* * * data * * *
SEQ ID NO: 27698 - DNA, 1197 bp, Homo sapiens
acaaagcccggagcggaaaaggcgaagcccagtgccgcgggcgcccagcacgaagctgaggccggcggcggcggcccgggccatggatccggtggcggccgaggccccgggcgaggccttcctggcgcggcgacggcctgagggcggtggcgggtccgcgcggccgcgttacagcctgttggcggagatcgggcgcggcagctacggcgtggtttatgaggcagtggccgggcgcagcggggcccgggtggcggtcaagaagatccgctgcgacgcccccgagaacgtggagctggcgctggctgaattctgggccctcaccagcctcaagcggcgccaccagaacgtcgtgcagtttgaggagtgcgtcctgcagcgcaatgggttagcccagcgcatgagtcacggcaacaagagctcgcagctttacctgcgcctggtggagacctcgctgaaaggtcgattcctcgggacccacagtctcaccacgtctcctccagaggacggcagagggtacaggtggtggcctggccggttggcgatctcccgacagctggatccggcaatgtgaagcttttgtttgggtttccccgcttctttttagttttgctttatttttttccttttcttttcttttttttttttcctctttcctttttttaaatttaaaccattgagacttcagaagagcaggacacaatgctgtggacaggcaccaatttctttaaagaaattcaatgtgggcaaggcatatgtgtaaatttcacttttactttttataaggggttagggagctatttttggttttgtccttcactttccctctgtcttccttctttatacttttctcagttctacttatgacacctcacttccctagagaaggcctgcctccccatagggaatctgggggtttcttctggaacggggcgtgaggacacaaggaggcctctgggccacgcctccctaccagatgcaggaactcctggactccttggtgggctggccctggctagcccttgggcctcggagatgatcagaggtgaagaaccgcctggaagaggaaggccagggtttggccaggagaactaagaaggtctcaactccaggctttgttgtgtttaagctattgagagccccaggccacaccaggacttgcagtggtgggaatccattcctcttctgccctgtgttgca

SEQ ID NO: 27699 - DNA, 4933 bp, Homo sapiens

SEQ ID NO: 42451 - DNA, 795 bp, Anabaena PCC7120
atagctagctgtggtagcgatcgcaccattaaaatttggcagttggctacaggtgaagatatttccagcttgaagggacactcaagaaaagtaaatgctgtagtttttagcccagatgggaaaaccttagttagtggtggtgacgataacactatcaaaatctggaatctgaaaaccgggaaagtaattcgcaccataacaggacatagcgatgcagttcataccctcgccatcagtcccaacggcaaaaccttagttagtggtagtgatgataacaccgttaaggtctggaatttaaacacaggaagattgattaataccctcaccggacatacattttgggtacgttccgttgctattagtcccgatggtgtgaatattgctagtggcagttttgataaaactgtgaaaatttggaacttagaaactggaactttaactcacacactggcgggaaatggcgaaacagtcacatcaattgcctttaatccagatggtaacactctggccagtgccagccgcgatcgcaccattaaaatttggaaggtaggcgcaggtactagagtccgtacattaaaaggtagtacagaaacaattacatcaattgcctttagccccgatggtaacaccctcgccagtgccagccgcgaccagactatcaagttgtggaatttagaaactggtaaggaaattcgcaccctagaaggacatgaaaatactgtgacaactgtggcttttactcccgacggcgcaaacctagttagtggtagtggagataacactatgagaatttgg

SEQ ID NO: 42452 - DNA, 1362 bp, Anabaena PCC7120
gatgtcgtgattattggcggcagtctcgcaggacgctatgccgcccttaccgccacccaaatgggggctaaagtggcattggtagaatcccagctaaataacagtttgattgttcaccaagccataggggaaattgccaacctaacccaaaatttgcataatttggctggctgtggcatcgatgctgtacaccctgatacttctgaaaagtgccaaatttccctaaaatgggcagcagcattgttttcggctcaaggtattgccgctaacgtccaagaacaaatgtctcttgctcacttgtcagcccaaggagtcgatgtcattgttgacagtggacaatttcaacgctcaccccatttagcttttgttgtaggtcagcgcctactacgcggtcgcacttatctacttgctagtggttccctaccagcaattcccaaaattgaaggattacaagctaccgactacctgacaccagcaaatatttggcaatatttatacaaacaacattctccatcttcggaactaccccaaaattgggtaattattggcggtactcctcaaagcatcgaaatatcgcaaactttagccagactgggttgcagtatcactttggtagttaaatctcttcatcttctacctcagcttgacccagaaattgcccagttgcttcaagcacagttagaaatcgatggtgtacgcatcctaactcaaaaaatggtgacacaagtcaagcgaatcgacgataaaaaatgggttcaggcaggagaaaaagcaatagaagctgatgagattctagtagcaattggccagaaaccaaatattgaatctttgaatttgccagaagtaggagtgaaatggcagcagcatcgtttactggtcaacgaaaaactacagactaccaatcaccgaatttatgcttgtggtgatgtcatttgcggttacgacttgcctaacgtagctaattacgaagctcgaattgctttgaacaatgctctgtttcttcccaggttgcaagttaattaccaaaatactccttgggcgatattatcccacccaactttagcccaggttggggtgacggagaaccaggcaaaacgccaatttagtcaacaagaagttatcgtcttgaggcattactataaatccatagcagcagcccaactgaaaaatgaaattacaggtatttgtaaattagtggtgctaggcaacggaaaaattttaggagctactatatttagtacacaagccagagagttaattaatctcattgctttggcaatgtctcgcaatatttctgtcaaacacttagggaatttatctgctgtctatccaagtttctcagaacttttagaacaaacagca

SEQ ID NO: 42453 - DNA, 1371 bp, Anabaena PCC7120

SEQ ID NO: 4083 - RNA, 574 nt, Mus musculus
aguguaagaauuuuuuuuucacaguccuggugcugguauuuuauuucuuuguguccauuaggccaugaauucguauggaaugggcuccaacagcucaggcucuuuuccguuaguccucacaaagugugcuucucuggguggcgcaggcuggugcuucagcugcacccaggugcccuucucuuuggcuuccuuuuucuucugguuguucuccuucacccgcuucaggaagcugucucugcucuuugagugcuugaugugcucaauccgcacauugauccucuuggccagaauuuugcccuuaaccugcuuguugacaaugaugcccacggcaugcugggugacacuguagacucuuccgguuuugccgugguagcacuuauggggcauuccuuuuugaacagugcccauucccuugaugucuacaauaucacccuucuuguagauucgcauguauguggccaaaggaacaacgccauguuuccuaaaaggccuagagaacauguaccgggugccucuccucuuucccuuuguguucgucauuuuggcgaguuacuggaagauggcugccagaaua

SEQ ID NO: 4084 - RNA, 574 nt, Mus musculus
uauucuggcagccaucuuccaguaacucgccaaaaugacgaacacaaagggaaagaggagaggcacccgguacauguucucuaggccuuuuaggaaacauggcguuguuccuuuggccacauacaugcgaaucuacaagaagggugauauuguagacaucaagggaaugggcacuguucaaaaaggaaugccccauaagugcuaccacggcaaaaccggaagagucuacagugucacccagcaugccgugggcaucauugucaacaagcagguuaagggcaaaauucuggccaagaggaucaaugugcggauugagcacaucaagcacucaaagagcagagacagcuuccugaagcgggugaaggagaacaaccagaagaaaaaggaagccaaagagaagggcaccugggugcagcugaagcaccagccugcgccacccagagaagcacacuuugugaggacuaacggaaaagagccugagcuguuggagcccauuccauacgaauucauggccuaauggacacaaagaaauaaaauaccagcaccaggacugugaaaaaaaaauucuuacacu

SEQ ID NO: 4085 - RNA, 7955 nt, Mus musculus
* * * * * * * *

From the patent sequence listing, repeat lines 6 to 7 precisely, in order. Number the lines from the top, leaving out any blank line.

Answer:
SEQ ID NO: 42452 - DNA, 1362 bp, Anabaena PCC7120
gatgtcgtgattattggcggcagtctcgcaggacgctatgccgcccttaccgccacccaaatgggggctaaagtggcattggtagaatcccagctaaataacagtttgattgttcaccaagccataggggaaattgccaacctaacccaaaatttgcataatttggctggctgtggcatcgatgctgtacaccctgatacttctgaaaagtgccaaatttccctaaaatgggcagcagcattgttttcggctcaaggtattgccgctaacgtccaagaacaaatgtctcttgctcacttgtcagcccaaggagtcgatgtcattgttgacagtggacaatttcaacgctcaccccatttagcttttgttgtaggtcagcgcctactacgcggtcgcacttatctacttgctagtggttccctaccagcaattcccaaaattgaaggattacaagctaccgactacctgacaccagcaaatatttggcaatatttatacaaacaacattctccatcttcggaactaccccaaaattgggtaattattggcggtactcctcaaagcatcgaaatatcgcaaactttagccagactgggttgcagtatcactttggtagttaaatctcttcatcttctacctcagcttgacccagaaattgcccagttgcttcaagcacagttagaaatcgatggtgtacgcatcctaactcaaaaaatggtgacacaagtcaagcgaatcgacgataaaaaatgggttcaggcaggagaaaaagcaatagaagctgatgagattctagtagcaattggccagaaaccaaatattgaatctttgaatttgccagaagtaggagtgaaatggcagcagcatcgtttactggtcaacgaaaaactacagactaccaatcaccgaatttatgcttgtggtgatgtcatttgcggttacgacttgcctaacgtagctaattacgaagctcgaattgctttgaacaatgctctgtttcttcccaggttgcaagttaattaccaaaatactccttgggcgatattatcccacccaactttagcccaggttggggtgacggagaaccaggcaaaacgccaatttagtcaacaagaagttatcgtcttgaggcattactataaatccatagcagcagcccaactgaaaaatgaaattacaggtatttgtaaattagtggtgctaggcaacggaaaaattttaggagctactatatttagtacacaagccagagagttaattaatctcattgctttggcaatgtctcgcaatatttctgtcaaacacttagggaatttatctgctgtctatccaagtttctcagaacttttagaacaaacagca